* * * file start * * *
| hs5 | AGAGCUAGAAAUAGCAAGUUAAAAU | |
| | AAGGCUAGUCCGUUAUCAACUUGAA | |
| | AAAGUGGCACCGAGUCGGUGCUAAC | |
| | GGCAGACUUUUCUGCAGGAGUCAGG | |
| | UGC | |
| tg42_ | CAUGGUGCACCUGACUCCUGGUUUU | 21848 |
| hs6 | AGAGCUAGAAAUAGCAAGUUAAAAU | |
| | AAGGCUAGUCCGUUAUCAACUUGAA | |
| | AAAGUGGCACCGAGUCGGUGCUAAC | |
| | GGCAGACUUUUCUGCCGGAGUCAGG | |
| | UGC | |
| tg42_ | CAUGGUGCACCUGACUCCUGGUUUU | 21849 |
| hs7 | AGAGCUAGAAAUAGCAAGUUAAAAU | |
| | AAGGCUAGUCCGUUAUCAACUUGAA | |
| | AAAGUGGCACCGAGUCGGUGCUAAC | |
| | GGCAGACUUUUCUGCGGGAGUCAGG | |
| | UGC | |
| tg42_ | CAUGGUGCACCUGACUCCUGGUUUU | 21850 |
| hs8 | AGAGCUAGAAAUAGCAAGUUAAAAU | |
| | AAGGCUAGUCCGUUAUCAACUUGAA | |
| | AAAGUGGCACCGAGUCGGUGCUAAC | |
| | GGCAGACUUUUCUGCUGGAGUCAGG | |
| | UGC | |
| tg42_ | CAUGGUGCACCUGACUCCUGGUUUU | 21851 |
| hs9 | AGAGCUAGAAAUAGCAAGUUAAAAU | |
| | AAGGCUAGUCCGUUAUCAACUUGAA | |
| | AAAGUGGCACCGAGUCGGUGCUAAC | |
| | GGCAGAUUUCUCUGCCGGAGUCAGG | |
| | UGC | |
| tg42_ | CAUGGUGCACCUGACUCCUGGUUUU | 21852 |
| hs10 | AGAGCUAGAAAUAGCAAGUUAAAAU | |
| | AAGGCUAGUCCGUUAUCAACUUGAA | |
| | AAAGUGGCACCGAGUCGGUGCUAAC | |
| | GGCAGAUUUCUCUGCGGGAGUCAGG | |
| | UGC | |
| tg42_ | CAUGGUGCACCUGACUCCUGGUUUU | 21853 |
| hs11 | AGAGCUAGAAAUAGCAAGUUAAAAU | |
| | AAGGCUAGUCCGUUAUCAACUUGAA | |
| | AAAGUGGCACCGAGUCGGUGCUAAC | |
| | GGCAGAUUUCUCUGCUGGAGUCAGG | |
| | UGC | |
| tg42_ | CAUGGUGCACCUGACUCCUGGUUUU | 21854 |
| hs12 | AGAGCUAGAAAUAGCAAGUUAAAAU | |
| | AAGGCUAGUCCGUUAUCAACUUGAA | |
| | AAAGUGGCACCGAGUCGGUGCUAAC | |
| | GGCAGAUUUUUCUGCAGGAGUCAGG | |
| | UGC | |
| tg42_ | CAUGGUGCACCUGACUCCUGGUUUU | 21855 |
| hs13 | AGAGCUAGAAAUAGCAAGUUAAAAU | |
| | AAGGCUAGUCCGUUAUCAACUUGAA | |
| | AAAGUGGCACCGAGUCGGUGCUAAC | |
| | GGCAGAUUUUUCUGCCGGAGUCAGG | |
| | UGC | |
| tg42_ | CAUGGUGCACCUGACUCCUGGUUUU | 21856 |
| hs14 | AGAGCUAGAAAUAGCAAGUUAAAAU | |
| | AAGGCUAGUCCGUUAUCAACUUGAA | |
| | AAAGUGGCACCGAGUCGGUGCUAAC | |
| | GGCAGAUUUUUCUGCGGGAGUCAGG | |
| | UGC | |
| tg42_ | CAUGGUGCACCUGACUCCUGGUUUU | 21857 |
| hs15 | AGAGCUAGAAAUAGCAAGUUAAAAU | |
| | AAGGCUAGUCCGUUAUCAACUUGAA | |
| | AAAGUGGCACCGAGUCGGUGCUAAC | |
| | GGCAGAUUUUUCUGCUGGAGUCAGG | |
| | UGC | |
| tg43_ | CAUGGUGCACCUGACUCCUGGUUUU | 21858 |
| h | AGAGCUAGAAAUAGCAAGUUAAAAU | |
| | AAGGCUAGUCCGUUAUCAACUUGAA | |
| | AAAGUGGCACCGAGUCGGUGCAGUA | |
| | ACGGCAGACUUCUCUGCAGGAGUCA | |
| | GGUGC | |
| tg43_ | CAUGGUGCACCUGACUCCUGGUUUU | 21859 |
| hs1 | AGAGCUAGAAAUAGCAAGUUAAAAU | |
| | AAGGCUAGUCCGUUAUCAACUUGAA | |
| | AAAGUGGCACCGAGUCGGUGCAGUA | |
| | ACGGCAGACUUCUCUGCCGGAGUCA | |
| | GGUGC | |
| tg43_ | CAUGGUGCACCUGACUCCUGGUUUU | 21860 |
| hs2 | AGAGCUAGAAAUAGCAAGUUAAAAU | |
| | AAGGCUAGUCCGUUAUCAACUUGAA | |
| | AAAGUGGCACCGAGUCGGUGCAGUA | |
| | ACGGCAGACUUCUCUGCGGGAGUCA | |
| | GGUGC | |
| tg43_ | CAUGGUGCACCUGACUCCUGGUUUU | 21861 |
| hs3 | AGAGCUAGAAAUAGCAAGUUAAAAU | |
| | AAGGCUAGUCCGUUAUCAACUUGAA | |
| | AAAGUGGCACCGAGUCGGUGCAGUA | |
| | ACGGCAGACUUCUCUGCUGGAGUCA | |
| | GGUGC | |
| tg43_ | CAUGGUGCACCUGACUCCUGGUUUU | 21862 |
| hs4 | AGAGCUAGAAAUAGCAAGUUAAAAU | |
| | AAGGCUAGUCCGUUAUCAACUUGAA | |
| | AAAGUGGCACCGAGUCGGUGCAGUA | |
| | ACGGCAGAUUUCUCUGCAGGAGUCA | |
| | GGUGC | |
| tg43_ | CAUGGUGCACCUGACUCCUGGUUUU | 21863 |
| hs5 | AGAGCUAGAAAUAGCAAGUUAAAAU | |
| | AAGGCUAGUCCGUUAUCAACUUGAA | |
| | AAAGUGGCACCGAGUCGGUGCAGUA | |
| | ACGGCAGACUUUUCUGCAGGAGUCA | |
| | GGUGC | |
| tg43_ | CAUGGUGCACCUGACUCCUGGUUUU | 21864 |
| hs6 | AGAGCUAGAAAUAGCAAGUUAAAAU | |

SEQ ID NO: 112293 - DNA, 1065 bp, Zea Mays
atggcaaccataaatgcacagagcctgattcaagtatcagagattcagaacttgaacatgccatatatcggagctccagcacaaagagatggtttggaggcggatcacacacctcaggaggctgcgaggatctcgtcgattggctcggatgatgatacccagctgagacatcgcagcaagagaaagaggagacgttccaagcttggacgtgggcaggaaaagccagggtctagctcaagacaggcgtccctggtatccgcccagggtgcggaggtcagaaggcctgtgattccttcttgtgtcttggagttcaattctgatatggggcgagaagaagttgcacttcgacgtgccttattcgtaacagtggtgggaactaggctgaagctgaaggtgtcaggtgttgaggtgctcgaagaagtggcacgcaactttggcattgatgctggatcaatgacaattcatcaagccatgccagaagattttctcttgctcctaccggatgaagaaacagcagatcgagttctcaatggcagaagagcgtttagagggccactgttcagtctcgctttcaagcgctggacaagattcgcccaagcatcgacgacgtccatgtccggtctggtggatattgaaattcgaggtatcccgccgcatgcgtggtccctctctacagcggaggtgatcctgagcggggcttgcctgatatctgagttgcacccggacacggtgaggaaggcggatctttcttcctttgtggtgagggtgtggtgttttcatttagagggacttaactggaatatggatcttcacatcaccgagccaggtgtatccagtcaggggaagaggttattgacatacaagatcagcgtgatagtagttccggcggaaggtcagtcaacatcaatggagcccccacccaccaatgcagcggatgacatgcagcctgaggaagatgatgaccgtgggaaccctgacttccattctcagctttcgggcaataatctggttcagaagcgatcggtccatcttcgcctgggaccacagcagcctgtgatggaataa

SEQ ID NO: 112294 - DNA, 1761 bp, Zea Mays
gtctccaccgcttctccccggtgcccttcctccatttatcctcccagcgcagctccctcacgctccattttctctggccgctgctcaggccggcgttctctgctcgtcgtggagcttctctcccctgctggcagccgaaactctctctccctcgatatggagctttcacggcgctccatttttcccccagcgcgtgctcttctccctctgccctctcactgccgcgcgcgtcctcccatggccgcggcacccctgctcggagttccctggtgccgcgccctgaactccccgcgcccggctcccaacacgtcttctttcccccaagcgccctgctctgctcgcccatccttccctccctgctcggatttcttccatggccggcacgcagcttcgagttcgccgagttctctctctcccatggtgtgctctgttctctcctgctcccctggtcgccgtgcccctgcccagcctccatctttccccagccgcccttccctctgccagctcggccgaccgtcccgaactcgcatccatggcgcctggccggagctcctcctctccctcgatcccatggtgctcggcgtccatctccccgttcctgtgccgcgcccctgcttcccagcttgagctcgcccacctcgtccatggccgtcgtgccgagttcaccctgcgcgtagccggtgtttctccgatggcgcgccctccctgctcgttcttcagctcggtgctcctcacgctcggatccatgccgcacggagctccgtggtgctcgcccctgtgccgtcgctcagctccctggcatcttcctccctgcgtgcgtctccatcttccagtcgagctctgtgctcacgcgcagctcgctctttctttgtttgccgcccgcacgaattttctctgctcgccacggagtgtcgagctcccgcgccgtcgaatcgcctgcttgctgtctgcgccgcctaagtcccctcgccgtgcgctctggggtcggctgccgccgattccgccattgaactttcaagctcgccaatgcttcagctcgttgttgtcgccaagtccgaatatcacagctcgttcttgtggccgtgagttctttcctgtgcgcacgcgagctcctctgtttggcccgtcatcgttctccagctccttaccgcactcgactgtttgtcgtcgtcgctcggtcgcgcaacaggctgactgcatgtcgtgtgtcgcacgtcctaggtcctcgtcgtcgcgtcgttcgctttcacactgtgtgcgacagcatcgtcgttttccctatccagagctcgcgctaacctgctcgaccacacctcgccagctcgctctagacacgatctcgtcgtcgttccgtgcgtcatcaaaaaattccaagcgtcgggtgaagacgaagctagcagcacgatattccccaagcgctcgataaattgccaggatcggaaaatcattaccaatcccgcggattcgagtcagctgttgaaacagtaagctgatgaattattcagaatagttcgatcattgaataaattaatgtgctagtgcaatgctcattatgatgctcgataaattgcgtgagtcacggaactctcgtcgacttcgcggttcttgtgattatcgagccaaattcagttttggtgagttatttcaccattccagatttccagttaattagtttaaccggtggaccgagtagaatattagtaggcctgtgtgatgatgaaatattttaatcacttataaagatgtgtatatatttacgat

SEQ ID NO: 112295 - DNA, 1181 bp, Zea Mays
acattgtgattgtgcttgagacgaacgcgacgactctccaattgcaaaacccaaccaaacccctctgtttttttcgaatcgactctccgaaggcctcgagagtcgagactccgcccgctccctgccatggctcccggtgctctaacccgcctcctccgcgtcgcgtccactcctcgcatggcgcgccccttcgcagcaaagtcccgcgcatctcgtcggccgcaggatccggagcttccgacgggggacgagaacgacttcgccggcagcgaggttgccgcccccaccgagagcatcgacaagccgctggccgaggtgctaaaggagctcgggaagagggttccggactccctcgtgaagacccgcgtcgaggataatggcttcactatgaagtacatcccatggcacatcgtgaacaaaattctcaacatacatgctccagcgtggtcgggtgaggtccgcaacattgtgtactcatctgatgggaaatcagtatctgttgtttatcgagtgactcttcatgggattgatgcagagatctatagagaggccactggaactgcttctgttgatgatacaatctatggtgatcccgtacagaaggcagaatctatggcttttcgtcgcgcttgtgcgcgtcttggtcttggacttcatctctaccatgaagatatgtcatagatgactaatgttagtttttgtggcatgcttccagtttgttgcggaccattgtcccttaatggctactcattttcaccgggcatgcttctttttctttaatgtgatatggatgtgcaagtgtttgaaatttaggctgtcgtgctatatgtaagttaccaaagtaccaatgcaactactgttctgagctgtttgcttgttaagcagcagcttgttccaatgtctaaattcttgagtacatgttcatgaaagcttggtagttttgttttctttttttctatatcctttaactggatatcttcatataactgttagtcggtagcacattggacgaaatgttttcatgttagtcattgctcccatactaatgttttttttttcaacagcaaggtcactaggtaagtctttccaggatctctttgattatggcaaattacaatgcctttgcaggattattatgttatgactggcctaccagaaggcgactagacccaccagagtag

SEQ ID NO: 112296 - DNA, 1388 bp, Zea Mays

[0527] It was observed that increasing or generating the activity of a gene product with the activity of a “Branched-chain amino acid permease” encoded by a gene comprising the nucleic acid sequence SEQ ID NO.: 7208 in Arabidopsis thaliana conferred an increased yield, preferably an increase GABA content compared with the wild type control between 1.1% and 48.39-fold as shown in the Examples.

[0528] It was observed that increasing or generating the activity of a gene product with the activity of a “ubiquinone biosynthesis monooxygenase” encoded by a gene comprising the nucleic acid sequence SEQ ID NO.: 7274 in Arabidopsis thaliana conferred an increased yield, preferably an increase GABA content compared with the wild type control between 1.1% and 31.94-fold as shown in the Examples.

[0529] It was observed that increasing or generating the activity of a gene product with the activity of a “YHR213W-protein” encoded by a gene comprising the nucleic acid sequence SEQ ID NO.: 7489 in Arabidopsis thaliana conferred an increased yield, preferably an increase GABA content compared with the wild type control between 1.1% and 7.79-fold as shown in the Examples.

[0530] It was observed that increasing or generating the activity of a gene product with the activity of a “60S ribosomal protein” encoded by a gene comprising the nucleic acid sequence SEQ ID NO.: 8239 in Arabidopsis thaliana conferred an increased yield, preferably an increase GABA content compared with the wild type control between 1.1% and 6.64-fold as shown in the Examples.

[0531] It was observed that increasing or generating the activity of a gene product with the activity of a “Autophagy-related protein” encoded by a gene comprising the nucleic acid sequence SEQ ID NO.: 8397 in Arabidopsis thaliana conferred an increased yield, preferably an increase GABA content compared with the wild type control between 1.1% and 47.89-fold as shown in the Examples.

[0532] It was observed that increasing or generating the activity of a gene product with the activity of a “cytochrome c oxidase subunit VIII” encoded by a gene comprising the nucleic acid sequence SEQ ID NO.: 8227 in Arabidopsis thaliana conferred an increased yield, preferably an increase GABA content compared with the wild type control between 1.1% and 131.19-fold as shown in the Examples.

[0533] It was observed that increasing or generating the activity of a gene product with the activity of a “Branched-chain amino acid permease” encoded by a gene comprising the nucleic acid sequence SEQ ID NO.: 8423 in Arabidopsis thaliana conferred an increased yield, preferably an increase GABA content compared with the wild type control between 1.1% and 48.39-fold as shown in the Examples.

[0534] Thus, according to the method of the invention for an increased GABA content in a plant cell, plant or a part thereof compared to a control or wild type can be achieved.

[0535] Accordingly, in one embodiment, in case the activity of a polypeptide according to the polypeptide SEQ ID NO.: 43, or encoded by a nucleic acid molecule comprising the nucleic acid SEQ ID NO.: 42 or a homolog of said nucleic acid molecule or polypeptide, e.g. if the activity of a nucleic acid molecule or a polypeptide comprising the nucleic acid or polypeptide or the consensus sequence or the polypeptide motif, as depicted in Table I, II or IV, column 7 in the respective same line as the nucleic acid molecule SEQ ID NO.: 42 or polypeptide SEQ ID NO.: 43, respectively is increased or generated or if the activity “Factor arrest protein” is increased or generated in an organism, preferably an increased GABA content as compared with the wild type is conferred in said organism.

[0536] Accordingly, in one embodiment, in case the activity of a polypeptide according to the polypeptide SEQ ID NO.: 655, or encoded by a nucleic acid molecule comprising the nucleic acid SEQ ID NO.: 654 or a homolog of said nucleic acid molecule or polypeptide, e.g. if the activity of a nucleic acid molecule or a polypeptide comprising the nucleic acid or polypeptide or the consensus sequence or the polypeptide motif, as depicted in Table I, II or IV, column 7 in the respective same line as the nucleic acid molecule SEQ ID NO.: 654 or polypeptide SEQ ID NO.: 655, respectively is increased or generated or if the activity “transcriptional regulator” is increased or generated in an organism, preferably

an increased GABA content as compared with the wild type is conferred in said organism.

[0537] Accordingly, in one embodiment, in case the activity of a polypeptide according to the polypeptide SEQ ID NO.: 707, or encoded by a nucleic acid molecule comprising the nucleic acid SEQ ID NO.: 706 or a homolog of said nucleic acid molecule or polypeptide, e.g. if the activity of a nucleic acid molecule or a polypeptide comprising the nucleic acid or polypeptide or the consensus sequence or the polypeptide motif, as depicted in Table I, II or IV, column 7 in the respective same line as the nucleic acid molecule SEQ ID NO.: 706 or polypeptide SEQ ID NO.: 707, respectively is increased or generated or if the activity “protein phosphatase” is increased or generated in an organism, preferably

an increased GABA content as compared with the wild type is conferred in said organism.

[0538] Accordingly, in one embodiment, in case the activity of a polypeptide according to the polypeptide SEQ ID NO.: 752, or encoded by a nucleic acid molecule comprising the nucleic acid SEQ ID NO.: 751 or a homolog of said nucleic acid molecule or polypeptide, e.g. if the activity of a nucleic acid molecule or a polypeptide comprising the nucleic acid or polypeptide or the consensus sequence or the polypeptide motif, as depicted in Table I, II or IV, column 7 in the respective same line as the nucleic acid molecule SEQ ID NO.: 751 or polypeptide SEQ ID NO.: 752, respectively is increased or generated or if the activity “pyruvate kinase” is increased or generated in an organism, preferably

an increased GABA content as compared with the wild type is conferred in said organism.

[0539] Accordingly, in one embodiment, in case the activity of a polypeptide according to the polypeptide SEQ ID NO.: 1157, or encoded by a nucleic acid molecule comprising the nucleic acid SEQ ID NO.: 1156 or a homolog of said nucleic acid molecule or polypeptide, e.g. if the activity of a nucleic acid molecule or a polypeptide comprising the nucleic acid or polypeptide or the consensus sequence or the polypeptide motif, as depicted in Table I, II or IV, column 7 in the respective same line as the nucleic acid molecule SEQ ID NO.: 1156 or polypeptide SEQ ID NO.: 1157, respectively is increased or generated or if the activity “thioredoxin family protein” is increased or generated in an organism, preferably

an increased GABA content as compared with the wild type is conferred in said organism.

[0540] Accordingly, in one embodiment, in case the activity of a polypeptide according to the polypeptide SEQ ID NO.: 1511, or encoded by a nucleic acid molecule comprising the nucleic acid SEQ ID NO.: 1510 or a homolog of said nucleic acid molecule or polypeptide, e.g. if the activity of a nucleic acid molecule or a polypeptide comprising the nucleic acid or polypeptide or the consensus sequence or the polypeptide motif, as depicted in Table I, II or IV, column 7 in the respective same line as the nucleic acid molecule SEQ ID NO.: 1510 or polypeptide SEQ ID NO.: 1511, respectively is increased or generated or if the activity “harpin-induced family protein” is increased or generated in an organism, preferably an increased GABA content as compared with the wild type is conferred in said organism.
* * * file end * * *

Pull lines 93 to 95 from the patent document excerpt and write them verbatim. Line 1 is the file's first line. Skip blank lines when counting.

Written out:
| | AAAGUGGCACCGAGUCGGUGCAGUA | |
| | ACGGCAGAUUUCUCUGCAGGAGUCA | |
| | GGUGC | |